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Social media, what is it good for?

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Social media marketing has been the hottest marketing concept for the past decade. And why not?

With just a little effort, the marketing machine complex has amazingly shifted the production and creativity to a workforce that does all the heavy-lifting for free.

Free.

Consumer generated content, for free.

Direct to consumer engagement, for free.

Friends and family telling what to buy, where to eat, what to watch, all for free.

But is social media marketing losing steam or are we at the pioneer stage of these tools?

This week Pew Research is out with their annual report on Social Media Use in the United States.

And to no one's surprise, a majority of Americans use Facebook and YouTube, and young adults are unusually heavy users of Snapchat and Instagram. The survey of US adults finds that the social media landscape in early 2018 is defined by a mix of long-standing trends and newly emerging narratives. 

As has been the case since the Pew began surveying about the use of different social media in 2012, Facebook remains the primary platform for most Americans. But the social media story extends well beyond Facebook. The video-sharing site YouTube is now used by nearly three-quarters of US adults and 94% of 18- to 24-year-olds.

But there are pronounced differences in the use of various social media platforms within the young adult population as well. Americans ages 18 to 24 are substantially more likely to use platforms such as Snapchat, Instagram, and Twitter even when compared with those in their mid- to late-20s. 

As was true in previous surveys of social media use, there is a substantial amount of overlap between users of the various sites measured in this survey. Most notably, a significant majority of users of each of these social platforms also indicate that they use Facebook and YouTube. But this “reciprocity” extends to other sites as well. For instance, roughly three-quarters of both Twitter (73%) and Snapchat (77%) users also indicate that they use Instagram.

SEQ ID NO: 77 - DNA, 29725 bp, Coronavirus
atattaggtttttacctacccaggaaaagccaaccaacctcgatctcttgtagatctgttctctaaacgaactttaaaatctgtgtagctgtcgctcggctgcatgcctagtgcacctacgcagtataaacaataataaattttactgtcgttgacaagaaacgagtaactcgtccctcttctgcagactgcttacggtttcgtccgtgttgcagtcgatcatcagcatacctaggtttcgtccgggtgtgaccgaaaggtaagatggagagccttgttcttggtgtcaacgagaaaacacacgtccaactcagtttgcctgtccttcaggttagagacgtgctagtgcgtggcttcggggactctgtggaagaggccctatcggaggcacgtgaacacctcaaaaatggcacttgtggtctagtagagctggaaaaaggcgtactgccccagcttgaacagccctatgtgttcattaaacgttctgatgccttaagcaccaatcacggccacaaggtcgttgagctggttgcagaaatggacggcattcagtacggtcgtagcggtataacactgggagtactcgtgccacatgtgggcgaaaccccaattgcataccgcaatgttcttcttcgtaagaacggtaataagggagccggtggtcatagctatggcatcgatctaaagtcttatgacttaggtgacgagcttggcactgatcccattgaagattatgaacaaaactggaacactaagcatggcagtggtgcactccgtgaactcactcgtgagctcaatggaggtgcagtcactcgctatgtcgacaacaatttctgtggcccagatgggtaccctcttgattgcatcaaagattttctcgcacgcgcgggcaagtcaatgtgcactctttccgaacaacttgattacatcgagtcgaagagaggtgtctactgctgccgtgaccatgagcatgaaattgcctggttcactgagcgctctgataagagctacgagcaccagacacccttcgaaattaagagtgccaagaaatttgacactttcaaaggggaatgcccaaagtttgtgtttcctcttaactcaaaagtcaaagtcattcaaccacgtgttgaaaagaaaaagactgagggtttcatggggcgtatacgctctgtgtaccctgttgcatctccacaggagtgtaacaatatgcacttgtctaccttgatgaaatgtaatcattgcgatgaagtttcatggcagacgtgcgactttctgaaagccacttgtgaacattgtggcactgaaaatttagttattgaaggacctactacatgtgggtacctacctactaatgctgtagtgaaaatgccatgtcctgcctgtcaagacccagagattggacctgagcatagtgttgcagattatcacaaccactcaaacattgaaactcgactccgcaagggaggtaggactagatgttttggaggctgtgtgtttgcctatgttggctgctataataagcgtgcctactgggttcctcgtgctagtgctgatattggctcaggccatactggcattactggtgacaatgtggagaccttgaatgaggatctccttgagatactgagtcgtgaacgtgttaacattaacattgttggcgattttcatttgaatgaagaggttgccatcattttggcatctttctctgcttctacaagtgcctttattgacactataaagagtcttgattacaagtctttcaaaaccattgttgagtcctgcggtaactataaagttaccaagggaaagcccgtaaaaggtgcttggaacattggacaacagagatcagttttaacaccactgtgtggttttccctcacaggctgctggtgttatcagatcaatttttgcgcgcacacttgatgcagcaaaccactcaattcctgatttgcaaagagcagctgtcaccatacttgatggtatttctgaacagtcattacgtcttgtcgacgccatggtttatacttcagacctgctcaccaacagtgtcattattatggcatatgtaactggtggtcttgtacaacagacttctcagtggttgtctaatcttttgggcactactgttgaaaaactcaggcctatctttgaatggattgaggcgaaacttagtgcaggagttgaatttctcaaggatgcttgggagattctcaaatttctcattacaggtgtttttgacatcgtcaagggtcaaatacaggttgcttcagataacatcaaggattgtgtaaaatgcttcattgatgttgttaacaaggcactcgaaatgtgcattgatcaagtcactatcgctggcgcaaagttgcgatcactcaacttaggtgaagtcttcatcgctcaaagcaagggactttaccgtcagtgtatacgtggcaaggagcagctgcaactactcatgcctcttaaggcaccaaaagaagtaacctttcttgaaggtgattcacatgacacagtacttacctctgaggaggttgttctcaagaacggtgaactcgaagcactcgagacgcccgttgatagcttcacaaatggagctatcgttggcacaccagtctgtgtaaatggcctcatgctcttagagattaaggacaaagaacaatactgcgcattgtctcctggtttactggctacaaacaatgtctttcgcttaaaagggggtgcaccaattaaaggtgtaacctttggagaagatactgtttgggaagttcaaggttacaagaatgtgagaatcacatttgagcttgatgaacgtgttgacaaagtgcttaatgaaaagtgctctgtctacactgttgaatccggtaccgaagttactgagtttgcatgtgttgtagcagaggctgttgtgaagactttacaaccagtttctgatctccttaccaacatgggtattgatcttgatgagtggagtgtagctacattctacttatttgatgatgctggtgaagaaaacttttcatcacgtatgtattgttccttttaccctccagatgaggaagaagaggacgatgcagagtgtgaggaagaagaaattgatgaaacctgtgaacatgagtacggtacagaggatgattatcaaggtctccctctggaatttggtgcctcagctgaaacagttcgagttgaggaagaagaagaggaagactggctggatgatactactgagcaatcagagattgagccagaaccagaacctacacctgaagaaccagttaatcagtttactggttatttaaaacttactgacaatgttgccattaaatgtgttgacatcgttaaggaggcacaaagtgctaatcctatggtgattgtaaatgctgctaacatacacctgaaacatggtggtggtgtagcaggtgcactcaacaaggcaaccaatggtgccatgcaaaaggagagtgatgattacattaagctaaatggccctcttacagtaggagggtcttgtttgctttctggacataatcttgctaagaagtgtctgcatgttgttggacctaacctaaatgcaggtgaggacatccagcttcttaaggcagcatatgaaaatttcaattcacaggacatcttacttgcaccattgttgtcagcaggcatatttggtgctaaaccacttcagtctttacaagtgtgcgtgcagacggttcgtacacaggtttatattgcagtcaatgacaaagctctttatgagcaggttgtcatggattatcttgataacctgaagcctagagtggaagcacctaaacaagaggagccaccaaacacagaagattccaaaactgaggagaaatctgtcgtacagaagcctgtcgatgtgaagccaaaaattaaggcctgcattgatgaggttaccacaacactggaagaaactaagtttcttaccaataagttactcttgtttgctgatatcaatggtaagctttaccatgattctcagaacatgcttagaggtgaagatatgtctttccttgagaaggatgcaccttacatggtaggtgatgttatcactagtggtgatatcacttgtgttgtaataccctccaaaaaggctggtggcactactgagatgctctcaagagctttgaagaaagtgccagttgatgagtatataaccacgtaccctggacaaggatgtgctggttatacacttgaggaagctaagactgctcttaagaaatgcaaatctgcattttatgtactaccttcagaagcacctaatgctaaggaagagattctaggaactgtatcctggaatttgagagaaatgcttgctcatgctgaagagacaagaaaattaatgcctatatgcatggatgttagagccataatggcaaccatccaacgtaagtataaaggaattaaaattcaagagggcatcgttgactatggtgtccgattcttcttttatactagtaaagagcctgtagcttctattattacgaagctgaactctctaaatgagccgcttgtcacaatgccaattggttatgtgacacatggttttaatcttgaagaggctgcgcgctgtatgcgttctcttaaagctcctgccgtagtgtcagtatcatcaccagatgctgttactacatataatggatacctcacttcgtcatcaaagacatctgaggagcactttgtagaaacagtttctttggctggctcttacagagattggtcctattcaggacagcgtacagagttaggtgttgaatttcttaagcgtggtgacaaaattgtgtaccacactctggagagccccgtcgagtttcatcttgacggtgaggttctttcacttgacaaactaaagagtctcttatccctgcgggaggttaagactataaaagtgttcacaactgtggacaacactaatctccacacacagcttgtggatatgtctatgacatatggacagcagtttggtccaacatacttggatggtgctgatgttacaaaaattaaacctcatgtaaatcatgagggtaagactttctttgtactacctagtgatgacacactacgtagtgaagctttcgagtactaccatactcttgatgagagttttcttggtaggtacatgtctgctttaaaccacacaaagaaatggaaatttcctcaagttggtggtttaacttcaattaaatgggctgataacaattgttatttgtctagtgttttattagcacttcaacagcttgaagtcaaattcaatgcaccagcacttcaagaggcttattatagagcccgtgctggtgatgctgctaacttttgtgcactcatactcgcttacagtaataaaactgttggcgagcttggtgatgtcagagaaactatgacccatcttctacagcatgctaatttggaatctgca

This overlap is broadly indicative of the fact that many Americans use multiple social platforms. Roughly three-quarters of the public (73%) uses more than one of the eight platforms measured in this survey, and the typical (median) American uses three of these sites. 

As might be expected, younger adults tend to use a greater variety of social media platforms. The median 18- to 29-year-old uses four of these platforms, but that figure drops to three among 30- to 49-year-olds, to two among 50- to 64-year-olds and one among those 65 and older.

So is social media marketing still a thing?

Yes.

But what does this social media thing mean for marketers, communicators, and advocates?

A few ideas.

Americans might say in polite company they don't love social media, but their activity says otherwise as they use these tools and use them a lot. Second, social media users take advantage of multiple platforms and embrace their unique tweaks. Finally, it may be early days of social media, but there is a lot of content and distraction out there - and frankly, most of it is junk food for the brain.

For marketers, communicators, and advocates to take advantage of these tools they must think reinforce, reward, recognize, refresh, and research.

Also, your content must be outstanding because the consumer has multiple channels for distraction, others want your audience, and if the user doesn't feel special, someone else will give them a home.

And most importantly, more and more content is being produced daily. Just like this Ross Rant, content will be easily created and then placed on a minimum of six social media and digital platforms.

So keep on using social media marketing but make sure your content and engagement reinforces, rewards, recognizes, refreshes, and is well researched.

If you want more, you can access the full report here: https://goo.gl/rWdo9g

Marc A.Ross is the founder of Brigadoon and specializes in global communications and thought leader management at the intersection of politics, policy, and profits. Working with boardrooms and C-Suite executives from multinational corporations, trade associations, and disruptive startups, Marc helps leaders create compelling communications, focused content, and winning commerce.

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